You guys!! I made it to the 1900’s! I’m not going to lie, the mid-1800’s about did me in, but I kept my eye on the prize and WAAA LAAA!!!
Also, Ohio straight ruled this book. McKinley was from Ohio (Canton, represent!) and his assassin wasn’t from Ohio but spent tons of his time in Cleveland. I’ve said it before and I’ll probably say it again: I love nothing more than a book that mentions Ohio. I love it, presidents (and anarchists, apparently) love it, and you should love it.
And, down to business. This book. I wanted to LOVE it. I super loved Destiny of the Republic, which was written much in the same way. Both books followed the life of the president and the life of their assassin back and forth until their paths, unfortunately cross.
The thing is, the author didn’t do this well. The timelines don’t match up at all so we were hopping all over time and it just got kind of confusing and I never really saw how the two related or lined up.
Also, the whole middle was dominated by America taking over Cuba which was interesting at first but eventually I was just wading through. I understand that that was a major thing during McKinley’s administration but oh my lands. It was just too much.
I really liked the history of the anarchist movement at the turn of the century, but I think maybe the focus of this book kind of got misplaced. Between this and the Cuba bit, McKinley kind of got lost. The first couple of chapters were totally McKinley but after that I almost felt like he was just a bit player.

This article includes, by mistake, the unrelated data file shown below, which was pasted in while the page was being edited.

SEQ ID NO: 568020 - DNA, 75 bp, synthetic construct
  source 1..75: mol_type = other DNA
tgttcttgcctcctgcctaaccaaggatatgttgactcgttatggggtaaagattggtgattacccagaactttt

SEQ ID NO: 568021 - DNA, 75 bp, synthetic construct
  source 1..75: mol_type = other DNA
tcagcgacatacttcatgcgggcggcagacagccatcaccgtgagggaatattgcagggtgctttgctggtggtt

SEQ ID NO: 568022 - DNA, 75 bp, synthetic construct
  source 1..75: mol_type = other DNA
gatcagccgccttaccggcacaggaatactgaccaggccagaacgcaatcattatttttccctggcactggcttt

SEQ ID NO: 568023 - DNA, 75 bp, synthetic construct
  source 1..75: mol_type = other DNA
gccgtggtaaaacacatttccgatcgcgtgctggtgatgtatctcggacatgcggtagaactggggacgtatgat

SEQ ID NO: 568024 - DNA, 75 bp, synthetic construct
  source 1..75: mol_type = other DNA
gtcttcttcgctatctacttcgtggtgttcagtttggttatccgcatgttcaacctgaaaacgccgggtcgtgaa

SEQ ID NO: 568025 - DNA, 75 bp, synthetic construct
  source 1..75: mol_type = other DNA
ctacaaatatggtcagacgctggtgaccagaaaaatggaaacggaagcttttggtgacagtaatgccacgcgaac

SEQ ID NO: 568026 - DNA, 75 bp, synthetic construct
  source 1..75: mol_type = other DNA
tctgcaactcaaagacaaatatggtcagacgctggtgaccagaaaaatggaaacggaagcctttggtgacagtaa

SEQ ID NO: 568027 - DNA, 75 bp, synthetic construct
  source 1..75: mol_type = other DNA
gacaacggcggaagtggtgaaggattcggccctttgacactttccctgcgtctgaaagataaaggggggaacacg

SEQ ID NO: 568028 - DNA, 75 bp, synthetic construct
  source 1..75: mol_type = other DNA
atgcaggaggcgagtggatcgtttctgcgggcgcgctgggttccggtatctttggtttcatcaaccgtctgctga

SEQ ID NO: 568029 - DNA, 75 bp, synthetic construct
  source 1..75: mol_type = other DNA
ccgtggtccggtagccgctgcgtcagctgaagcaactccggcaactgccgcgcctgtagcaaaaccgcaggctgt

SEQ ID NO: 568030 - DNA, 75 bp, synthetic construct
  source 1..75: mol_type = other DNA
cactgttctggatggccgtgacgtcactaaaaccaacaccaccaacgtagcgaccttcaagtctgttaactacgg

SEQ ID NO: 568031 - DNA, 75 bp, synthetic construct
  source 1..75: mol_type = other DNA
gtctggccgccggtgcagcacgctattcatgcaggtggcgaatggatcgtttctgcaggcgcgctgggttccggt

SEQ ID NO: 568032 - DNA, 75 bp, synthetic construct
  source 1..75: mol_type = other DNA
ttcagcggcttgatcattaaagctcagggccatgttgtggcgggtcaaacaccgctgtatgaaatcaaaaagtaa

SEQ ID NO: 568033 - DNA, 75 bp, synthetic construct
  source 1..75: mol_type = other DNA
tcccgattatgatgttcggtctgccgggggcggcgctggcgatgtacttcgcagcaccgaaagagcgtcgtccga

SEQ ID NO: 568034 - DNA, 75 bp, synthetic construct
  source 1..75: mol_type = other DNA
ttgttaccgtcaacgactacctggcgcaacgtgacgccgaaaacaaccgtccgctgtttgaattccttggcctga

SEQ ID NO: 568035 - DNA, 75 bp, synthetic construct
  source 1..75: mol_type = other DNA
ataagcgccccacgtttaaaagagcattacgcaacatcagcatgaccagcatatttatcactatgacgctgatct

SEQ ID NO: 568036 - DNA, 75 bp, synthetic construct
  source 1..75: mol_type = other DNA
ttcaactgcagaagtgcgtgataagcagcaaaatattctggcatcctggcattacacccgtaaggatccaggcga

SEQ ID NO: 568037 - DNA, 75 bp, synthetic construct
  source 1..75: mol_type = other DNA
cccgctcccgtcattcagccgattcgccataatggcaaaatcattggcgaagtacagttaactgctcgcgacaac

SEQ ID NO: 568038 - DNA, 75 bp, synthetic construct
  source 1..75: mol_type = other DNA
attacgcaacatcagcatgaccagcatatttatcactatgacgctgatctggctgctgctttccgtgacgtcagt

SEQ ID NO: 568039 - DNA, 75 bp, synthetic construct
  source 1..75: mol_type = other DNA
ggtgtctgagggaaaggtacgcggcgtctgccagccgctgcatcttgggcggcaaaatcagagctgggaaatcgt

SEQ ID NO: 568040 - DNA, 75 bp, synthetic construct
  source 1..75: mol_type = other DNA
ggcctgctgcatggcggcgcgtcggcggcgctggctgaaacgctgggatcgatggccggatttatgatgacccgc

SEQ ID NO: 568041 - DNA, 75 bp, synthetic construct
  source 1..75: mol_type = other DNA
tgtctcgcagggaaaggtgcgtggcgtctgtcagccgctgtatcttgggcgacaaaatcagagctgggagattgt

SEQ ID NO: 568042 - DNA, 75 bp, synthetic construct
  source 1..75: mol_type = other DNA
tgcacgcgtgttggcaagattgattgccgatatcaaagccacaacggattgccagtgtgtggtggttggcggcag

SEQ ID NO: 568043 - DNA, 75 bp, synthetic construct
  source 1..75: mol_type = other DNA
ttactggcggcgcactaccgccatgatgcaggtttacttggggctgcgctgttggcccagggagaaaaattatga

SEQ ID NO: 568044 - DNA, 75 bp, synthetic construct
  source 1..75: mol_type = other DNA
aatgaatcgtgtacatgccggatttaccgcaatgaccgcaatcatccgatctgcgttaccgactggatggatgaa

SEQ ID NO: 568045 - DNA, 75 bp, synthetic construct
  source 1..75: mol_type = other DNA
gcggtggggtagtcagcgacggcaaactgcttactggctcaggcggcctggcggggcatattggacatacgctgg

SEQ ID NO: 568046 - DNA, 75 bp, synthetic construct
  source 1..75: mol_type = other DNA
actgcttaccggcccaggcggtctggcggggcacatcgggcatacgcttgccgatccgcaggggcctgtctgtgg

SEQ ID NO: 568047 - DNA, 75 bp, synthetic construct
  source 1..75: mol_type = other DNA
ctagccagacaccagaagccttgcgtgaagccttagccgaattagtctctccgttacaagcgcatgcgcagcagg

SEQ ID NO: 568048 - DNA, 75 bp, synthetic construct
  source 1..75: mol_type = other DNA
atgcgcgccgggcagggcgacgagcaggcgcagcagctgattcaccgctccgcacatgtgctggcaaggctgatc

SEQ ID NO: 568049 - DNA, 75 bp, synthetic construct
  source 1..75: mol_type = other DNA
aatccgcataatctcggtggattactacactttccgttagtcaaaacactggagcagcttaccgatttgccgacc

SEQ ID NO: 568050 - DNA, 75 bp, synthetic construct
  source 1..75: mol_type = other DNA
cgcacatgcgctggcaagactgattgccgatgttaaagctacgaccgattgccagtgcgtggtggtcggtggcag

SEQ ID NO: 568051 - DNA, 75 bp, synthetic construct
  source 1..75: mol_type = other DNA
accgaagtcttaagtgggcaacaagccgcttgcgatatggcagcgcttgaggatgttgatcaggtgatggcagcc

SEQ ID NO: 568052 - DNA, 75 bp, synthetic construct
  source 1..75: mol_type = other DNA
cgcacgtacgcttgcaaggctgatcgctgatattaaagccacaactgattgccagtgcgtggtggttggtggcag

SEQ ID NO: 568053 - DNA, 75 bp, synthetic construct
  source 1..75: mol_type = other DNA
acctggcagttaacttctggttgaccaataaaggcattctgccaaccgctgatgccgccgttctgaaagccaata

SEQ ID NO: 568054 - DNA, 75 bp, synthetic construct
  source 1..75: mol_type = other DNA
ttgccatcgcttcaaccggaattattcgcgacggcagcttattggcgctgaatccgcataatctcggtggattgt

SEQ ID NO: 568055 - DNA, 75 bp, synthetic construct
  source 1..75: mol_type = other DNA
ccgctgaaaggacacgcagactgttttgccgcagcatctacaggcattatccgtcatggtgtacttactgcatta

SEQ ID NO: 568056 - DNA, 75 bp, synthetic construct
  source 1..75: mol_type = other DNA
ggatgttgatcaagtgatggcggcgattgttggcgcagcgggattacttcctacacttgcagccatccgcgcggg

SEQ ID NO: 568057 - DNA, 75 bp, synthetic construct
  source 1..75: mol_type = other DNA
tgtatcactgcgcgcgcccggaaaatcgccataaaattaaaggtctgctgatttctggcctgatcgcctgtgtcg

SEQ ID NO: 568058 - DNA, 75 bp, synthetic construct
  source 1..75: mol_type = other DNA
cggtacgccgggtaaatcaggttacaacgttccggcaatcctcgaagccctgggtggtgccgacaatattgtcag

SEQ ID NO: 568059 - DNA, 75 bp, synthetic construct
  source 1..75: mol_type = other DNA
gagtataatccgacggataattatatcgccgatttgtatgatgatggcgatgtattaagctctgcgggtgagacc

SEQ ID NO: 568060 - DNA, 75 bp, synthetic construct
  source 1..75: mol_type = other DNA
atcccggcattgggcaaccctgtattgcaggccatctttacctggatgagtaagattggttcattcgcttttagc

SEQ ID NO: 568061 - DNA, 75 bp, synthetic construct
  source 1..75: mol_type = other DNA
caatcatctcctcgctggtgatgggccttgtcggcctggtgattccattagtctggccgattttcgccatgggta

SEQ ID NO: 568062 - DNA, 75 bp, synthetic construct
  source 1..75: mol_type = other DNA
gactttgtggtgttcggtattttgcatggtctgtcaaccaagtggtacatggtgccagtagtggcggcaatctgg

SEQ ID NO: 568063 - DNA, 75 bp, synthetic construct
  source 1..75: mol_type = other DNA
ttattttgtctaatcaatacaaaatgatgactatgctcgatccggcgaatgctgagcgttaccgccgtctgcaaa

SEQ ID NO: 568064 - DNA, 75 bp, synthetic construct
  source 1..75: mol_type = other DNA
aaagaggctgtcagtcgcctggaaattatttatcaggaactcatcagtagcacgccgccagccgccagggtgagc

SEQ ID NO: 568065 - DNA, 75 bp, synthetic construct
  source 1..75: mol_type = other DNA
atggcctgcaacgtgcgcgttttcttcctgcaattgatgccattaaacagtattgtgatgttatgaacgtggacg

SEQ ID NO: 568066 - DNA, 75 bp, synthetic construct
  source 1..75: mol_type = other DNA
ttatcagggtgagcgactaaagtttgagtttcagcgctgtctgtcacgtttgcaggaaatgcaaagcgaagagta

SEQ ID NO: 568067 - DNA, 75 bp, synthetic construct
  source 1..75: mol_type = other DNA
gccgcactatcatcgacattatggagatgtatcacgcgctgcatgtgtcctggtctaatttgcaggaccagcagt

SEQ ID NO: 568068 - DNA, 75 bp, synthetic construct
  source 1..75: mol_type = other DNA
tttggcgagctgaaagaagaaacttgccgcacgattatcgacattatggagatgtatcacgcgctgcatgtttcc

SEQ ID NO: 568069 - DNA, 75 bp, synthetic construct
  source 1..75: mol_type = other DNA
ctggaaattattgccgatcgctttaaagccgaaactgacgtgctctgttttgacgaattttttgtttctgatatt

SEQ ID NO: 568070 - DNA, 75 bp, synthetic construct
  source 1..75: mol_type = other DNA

He came back in force at the end, which I really enjoyed but that middle, oh my gosh that middle.
My favorite part of the whole book was seeing how McKinley related to his wife, Ida. She kind of had this nervous disorder and was pretty much a spazz, but the president was straight up crazy about her and loved on her and protected her and it was just sweet and wonderful. After he was shot, the first thing out of his mouth was to tell someone to break it to Ida very gently. Their relationship was just sweet and good and I loved it.